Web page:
Dick McNulty1LT Richard L. McNulty USAF
By Joe McNulty
 
 
Born November 3, 1929, 1st Lt. Richard Lee McNulty was the son of Walter and Theresa (Cosgrove) McNulty. The second of nine children, he attended the local elementary school and graduated from South Kingstown High School. Throughout his childhood and early teens he participated in CYO sports and church musical productions. Service as an altar boy was also important, and as a result he developed a strong Catholic faith.

Dick was a good athlete who had the misfortune to be the backup for one of Rhode Island's best basketball players. Nevertheless, as a senior, he was able to claim the center position as his own. After high school work and amateur athletics filled his life for a short time, but he soon found greater fulfillment when he married his high school sweetheart. His first child, Karen, was plagued throughout her adult life with asthma and ultimately emphysema. Medical problems prevented a lung donation and she succumbed two years ago. Dick never got to see his son, Patrick, who was born while he was in Korea. Pat lives in Florida and was pleased to get the medals, letters and photographs his sister had. It changed his perspective on the loss of his Dad, and he has shown greater interest in the search for our MIAs.

A lifelong interest in aviation led to an enlistment in the R.I. air National Guard. This experience proved fruitful when he decided in the late 1940's to join the new U.S. Air Force as an aviation cadet. His application for the highly competitive flight program was enhanced by references from the Guard's commanding officer and a World War II fighter pilot. The latter, a close friend who was also a member of the Guard, was to transfer to the regular Air Force and to be shot down in Vietnam. He is listed as an MIA from that war.

Basic flight training was completed at Perrin air Force Base, Texas. Cadets used the T-6, Texan, which had been an advanced trainer in World War II. The greater demands of new technology meant more had to be done in less time. Student pilots were moving through training faster than their seniors had. Completion of basic led to Dick being sent to jet training at Williams Air Force Base, Chandler, Arizona.

But first there was Christmas leave, and we both enjoyed the two weeks we spent with our family. I had returned to Navy duty and was also home for a visit. Siblings have historically made life uncomfortable for each other. Our family was no different. I can truly say, however, that my brother and I weren't just family but good friends also. We shared athletic goals and rooted for each other in competition. The pride I took in his accomplishments made that Christmas very special.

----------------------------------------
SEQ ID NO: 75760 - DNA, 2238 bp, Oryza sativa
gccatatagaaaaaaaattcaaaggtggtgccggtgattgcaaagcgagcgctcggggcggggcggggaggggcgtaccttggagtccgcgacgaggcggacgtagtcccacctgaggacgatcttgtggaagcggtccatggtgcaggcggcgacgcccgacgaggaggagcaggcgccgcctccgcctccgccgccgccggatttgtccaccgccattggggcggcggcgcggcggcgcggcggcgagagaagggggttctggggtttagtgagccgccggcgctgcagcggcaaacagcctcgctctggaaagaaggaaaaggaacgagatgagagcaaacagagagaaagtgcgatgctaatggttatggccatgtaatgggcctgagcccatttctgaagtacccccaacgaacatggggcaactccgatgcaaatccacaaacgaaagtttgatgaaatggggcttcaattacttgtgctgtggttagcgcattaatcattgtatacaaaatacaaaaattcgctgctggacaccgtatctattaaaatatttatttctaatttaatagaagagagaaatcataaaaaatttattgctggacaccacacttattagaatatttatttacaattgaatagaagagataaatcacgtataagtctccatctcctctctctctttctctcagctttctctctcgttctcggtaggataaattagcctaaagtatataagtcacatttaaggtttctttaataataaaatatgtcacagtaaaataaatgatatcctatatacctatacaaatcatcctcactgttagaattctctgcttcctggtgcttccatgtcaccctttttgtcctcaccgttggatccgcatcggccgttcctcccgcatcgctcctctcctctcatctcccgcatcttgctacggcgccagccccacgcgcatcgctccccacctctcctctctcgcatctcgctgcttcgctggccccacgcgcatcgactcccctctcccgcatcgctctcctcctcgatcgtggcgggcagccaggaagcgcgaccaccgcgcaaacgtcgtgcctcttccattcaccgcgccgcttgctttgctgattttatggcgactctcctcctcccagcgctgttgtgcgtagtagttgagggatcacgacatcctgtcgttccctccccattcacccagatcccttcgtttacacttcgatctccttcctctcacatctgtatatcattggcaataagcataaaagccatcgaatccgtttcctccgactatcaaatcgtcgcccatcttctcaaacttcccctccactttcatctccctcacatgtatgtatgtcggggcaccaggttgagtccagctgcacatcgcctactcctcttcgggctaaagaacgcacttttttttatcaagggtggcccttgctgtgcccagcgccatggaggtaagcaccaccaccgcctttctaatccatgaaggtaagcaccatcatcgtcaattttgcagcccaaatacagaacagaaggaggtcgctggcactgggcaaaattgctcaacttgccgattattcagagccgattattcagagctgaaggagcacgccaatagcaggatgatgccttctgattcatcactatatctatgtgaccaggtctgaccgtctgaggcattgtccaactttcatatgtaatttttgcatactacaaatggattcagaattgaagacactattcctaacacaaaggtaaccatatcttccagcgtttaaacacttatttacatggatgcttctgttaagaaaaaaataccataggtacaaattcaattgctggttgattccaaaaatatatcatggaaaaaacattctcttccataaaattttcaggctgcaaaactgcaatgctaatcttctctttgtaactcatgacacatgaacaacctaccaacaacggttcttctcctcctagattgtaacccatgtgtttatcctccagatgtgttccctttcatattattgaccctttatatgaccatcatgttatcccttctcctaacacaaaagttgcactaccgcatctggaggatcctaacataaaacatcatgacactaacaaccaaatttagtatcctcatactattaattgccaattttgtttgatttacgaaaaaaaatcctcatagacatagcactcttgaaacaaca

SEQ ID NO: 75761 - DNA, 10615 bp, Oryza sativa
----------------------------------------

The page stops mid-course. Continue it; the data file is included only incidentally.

The first jet flight at Williams was in a twin seat version of the F-80. He was to solo the airplanes he was to fly to Korea. Upon completion of advanced flight training, he was awarded his wings and commission as a second lieutenant in the U.S. Air Force.

After a short leave, he reported to Nellis Air Force Base, Nevada, for gunnery training. The intensity of the instruction was mirrored in the death of a fellow officer. Dick had the unpleasant duty of escorting the body home. Training young men to be the best often requires great sacrifice.

By October 1951 Dick was in Japan and being processed for duty with the 8th Fighter-Bomber Wing, 80th Fighter-Bomber Squadron. This unit had provided early support from Japan to troops in the Pusan Perimeter. It was now assigned Suwon, a base southwest of Seoul. The primary mission was interdictive strikes against lines of communication and supply. It was a most difficult assignment as they were carrying high explosives and napalm at low levels over difficult terrain. anti-aircraft fire and weather added to the hazards of the approach. The price of such an effort could be seen in the casualties the squadron sustained. However, on March 11, 1952, "The greatest number of sorties ever flown in one day was achieved by the 80th," This was also a testimony to the men who kept the airplanes flying.

The F-80 faced another menace in the MIG-15. The Russian built airplane was a superb jet that surprised the United Nations when it first appeared. Superior to the "Shooting Star", it met its match in the F-86, the Sabre jet, which provided cover for the F-80. Dick saw his first aerial combat when the enemy broke through and attacked his flight. Flying wing on his major, he was to share credit for a shootdown. His first Air Medal was followed by two Oak Leaf Clusters.

On January 16, 1952, Dick failed to return from an armed reconnaissance mission against Yangdok, North Korea. The last man in the run against the target, he was not missed until a radio check was called for at a higher altitude. An immediate search then was followed by another the next day. Although burning debris was spotted, neither a parachute nor downed aircraft was seen in the area of the attack. His status as a MIA was reinforced a year later when the Air Force conducted a review of his case. By September 1953, the debriefing of returning prisoners had supplied no encouraging news. On December 31, 1953, a presumptive finding of death was issued by the government fro my brother and thousands of other POW/MIAs.

My father and mother were among the untold number of parents whose loss cannot be minimized by the passing of time. At first there is the hope a strong faith provides. Gradually however, as the years retreat, fatigue sets in, the spirit weakens, and the loss becomes unbearable. For myself it was the frustration of not doing anything and not knowing where to look for help. Today that experience is behind me, and I feel more confident about the effort that the government and families are making for "a full accounting".









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